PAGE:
Vladimir Putin gets lavish welcome on visit to ally Serbia

Updated 17 January 2019
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Vladimir Putin gets lavish welcome on visit to ally Serbia

  • Church bells tolled, guns saluted and people waved Russian and Serbian flags on Putin’s route through the Serbian capital, Belgrade
  • Serbia has maintained close links with traditional Slavic ally Russia despite formally seeking European Union membership

BELGRADE, Serbia: Vladimir Putin received a hero’s welcome in ally Serbia on Thursday as the Russian president attempted to maintain political and economic influence in the Balkans, which is increasingly looking Westward.
Putin’s presidential plane was escorted over Serbian airspace by MiG-29 fighter jets he recently donated to Serbia as he arrived for the one-day visit. Church bells tolled, guns saluted and people waved Russian and Serbian flags on Putin’s route through the Serbian capital, Belgrade.
Serbia has maintained close links with traditional Slavic ally Russia despite formally seeking European Union membership. It has refused to join Western sanctions against Russia over Ukraine and has pledged to stay out of NATO.
Putin has recently stepped up efforts to restore Moscow’s influence in the former communist countries of Eastern Europe.
Putin and his host, Serbian President Aleksandar Vucic, praised the relationship between the two countries. Putin handed a top Russian honor to Vucic, who gave a puppy of a Serb dog breed to the Russian president.
Vucic thanked Russia for its support for Serbia’s claim over Kosovo, a former province that declared independence in 2008, and added that “however small,” Serbia has been a “reliable partner” to Russia.
Several bilateral agreements were signed, including on the supply of Russian gas and weapons to Serbia.
On the gas, Putin said Russian companies are ready to invest about $1.4 billion into a stretch of a pipeline that would go from Turkey via EU-member Bulgaria to Serbia and then on to Hungary, “but in the end, everything will depend on other countries, including the European Union.”
Putin’s visit come as thousands have been holding weekly demonstrations against Vucic because of what they see as his autocratic rule.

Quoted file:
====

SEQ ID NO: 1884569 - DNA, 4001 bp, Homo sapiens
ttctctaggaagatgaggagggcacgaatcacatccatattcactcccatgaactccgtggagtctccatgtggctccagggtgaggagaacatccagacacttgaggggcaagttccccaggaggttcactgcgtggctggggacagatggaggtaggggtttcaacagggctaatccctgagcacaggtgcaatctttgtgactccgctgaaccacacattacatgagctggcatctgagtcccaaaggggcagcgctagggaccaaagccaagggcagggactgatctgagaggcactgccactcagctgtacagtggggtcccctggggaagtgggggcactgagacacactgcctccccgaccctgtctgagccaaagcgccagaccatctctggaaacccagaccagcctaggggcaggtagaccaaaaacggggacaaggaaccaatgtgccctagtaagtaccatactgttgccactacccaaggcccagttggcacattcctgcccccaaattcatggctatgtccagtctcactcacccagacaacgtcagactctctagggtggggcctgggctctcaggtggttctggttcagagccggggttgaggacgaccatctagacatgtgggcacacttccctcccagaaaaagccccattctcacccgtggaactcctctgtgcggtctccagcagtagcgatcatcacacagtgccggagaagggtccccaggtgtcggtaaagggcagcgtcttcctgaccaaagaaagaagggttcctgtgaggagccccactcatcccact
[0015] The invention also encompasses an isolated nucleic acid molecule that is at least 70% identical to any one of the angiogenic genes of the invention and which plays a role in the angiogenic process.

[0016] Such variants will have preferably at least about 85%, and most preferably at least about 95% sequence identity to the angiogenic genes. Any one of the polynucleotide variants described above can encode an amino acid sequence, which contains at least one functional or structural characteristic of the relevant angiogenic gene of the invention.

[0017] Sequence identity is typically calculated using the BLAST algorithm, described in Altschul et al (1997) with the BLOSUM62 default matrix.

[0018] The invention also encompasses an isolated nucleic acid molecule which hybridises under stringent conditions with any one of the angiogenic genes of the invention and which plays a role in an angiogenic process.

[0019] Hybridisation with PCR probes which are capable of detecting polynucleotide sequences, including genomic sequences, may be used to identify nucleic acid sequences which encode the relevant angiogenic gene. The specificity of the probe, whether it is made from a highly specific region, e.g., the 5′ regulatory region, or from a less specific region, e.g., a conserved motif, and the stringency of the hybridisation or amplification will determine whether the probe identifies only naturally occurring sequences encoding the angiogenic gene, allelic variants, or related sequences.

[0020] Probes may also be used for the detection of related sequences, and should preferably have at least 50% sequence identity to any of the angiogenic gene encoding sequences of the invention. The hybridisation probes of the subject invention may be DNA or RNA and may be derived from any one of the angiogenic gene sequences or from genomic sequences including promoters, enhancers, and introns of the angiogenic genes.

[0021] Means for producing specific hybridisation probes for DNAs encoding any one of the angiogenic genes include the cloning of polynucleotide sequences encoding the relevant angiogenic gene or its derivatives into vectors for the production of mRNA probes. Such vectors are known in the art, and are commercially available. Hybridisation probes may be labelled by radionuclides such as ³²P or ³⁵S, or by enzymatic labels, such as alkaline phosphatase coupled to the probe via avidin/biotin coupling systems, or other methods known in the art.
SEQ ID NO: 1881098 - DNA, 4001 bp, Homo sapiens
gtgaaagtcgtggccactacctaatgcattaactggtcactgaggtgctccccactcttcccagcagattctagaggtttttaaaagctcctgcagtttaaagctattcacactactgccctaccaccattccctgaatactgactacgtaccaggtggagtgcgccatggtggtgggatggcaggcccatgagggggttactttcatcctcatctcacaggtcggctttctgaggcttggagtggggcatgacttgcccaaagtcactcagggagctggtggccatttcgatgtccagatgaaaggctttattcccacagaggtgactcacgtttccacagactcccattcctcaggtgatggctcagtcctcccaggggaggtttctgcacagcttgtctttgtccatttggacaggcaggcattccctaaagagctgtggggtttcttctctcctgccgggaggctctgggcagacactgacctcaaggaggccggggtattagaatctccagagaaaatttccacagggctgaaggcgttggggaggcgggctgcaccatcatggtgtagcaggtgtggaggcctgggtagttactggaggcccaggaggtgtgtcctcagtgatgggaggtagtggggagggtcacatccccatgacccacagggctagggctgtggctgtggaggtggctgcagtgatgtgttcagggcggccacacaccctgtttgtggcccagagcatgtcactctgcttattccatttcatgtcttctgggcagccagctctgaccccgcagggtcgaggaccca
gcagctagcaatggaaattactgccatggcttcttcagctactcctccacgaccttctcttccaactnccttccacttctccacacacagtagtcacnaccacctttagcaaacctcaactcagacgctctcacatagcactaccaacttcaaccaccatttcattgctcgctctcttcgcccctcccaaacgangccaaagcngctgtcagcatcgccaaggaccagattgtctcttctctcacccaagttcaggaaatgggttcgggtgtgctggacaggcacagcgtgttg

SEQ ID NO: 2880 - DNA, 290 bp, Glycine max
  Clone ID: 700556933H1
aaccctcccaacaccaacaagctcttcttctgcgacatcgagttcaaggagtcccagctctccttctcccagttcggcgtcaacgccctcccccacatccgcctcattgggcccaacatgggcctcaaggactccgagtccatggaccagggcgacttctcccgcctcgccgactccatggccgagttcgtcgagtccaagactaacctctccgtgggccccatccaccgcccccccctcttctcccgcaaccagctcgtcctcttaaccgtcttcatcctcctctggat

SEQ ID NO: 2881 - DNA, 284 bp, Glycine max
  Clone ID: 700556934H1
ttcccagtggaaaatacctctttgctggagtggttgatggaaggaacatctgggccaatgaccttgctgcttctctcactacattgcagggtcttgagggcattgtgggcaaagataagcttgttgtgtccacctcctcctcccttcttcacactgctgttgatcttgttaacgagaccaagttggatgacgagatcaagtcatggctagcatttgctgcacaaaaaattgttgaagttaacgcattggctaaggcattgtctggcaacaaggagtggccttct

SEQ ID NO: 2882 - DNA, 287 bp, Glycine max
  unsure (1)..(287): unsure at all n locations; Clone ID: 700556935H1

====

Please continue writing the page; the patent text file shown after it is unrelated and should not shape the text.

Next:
Tens of thousands of Vucic’s right-wing party supporters were bused into the capital on Thursday to gather in front of the St. Sava Orthodox church, which the two presidents visited. They were chanting slogans including “Serbia-Russia, we don’t need the European Union!“
Vucic’s critics say the gathering was staged to suggest that the Serbian leader has many more supporters than opponents, who have been marching the same route since December to demand free elections and media.
Several liberal Serbian rights groups issued a statement on Thursday protesting “glorification of Vladimir Putin’s authoritarian regime.”
It said that Putin’s visit “indicates that the Serbian rulers are ready to sacrifice human rights and better living standards of citizens because of their servile attitude toward Putin’s regime.”
Russia’s interest in Serbia relates to its strategic position between East and West. Of Serbia’s eight neighbors, five are NATO members and two more are seeking membership; and four are in the EU and two more are working toward accession. Serbia remains Moscow’s only ally in the region.
Unlike NATO, Putin formally does not oppose Serbia’s EU path and analysts believe that this is because he wants a staunch ally — or perhaps a Trojan horse — within the 28-nation bloc.
Putin’s popularity in Serbia is mostly because the Kremlin is supporting Serbia in its rejection of Kosovo’s independence. In contrast, most Western countries have recognized Kosovo’s statehood.